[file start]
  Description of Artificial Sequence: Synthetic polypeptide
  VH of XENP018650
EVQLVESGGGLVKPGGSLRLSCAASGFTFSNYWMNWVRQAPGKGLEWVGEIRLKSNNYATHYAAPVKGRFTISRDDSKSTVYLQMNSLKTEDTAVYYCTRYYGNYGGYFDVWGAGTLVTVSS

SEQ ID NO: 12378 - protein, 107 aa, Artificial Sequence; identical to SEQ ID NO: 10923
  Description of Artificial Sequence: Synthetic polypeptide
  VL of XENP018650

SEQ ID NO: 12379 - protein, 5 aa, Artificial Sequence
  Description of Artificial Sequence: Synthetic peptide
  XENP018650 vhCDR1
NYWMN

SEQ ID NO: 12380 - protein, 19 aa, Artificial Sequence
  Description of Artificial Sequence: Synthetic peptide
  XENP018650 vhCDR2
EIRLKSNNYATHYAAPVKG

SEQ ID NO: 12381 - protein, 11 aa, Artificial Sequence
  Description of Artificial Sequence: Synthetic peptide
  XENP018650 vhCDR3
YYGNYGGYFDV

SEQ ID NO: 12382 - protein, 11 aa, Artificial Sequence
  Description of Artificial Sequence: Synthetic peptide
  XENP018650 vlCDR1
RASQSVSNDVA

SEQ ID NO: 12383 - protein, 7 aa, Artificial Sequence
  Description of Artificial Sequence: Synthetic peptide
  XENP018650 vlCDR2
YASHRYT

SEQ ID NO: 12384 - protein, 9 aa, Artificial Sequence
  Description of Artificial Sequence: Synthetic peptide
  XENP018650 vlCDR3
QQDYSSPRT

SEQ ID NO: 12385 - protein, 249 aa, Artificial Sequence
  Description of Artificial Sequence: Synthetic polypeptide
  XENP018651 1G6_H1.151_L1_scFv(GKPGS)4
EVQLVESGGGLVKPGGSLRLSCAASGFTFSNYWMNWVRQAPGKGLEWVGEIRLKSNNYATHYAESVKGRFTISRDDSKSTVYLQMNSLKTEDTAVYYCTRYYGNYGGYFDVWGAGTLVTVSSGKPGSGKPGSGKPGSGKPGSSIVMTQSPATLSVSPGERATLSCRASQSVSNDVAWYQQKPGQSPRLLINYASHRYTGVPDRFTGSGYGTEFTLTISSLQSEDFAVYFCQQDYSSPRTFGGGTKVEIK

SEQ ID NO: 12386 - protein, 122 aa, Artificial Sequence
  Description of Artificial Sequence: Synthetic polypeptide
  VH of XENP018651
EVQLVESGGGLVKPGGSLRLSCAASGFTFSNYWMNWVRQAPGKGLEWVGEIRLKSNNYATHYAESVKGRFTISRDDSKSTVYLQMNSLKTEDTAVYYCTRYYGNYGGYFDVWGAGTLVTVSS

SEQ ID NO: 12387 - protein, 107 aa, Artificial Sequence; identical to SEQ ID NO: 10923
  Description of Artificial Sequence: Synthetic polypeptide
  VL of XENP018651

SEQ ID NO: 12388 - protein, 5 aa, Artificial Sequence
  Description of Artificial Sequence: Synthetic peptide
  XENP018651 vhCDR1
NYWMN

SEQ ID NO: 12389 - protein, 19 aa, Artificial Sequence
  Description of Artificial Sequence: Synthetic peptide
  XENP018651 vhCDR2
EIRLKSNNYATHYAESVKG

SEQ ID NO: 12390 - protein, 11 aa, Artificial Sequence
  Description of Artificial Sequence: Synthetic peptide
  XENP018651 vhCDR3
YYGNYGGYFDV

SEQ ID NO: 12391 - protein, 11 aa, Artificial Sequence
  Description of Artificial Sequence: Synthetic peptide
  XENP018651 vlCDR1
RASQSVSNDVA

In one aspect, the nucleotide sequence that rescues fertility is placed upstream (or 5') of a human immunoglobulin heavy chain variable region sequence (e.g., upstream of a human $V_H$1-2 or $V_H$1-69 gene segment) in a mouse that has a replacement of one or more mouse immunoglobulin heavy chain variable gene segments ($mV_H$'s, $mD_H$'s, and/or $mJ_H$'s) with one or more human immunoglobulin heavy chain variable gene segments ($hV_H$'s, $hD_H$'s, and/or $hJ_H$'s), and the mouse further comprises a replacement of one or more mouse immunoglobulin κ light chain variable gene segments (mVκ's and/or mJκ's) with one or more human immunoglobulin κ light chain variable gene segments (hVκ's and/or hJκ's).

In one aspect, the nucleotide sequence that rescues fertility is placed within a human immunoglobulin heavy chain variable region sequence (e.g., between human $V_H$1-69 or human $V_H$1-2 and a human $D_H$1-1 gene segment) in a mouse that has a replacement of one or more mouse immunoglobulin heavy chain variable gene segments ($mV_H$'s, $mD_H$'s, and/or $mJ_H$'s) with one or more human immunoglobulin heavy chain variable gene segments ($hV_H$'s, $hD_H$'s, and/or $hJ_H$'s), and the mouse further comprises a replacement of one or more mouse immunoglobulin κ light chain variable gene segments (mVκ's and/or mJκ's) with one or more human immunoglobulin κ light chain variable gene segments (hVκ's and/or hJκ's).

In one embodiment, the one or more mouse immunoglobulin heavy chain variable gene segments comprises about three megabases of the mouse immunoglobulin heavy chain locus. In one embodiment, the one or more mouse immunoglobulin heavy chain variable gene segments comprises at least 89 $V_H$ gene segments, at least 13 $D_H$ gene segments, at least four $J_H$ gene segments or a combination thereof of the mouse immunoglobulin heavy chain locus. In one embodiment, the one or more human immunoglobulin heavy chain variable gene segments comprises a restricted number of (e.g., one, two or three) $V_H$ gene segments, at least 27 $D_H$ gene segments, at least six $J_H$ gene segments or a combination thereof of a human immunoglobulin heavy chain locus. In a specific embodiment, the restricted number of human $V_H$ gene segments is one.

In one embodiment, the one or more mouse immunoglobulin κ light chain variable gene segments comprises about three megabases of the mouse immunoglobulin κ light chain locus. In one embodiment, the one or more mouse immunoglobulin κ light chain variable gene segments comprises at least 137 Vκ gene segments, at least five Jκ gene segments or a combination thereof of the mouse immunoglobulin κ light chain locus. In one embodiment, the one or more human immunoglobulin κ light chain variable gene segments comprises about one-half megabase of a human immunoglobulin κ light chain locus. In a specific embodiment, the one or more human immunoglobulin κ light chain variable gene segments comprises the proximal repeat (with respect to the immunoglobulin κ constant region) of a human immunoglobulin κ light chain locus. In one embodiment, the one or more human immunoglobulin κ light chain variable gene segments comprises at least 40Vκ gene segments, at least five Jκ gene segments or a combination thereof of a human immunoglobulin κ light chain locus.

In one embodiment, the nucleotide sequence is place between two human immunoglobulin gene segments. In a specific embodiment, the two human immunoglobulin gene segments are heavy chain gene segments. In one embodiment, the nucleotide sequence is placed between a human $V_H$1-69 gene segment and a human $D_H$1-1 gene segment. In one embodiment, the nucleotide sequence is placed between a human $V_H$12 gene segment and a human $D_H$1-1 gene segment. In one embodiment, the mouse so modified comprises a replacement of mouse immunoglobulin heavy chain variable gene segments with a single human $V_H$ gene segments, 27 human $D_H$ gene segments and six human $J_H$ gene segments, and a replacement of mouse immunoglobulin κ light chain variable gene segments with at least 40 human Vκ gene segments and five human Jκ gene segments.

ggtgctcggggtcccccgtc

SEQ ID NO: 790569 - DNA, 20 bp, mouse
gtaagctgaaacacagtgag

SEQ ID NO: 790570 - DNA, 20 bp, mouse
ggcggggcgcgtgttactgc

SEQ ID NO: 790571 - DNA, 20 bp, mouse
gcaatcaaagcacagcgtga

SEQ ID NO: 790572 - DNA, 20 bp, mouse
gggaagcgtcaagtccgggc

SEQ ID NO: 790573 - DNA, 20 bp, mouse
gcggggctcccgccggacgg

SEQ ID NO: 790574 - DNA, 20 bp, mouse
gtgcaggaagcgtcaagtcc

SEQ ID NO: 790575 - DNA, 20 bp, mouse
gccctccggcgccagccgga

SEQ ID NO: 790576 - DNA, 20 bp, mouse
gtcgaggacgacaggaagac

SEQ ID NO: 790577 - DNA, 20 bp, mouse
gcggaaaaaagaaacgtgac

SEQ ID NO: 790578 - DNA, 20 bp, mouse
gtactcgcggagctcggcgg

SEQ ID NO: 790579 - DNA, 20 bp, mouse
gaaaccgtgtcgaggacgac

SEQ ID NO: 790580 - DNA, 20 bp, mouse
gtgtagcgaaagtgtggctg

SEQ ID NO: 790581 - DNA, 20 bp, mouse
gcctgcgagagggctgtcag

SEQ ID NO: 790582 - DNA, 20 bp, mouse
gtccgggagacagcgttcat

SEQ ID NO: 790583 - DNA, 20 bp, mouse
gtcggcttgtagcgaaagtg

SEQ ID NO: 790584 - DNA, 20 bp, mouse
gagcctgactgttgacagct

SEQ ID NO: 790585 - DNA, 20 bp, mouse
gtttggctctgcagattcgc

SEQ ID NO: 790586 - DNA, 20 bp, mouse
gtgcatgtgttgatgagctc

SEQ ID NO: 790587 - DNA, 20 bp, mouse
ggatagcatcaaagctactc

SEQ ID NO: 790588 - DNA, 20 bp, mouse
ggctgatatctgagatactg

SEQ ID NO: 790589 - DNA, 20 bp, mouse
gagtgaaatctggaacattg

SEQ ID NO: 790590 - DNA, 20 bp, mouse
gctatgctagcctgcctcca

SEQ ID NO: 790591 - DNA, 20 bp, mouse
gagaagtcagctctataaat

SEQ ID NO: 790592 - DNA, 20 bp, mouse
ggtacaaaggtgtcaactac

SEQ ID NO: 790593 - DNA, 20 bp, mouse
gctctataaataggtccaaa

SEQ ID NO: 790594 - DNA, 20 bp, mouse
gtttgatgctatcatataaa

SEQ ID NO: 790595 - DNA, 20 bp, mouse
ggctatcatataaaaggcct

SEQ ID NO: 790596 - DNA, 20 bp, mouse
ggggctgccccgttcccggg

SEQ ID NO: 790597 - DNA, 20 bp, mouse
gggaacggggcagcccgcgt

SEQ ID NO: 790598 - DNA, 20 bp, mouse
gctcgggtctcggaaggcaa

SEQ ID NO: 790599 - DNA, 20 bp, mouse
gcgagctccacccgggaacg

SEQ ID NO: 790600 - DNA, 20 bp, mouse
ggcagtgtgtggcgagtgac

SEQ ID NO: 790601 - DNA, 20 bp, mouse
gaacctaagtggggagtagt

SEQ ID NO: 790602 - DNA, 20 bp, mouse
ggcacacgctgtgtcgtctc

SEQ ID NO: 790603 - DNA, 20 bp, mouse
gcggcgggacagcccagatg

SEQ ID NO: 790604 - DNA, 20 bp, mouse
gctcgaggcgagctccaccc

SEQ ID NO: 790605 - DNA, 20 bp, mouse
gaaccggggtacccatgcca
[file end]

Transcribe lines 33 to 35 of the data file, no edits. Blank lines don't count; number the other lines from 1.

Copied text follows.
  XENP018651 1G6_H1.151_L1_scFv(GKPGS)4
EVQLVESGGGLVKPGGSLRLSCAASGFTFSNYWMNWVRQAPGKGLEWVGEIRLKSNNYATHYAESVKGRFTISRDDSKSTVYLQMNSLKTEDTAVYYCTRYYGNYGGYFDVWGAGTLVTVSSGKPGSGKPGSGKPGSGKPGSSIVMTQSPATLSVSPGERATLSCRASQSVSNDVAWYQQKPGQSPRLLINYASHRYTGVPDRFTGSGYGTEFTLTISSLQSEDFAVYFCQQDYSSPRTFGGGTKVEIK

SEQ ID NO: 12386 - protein, 122 aa, Artificial Sequence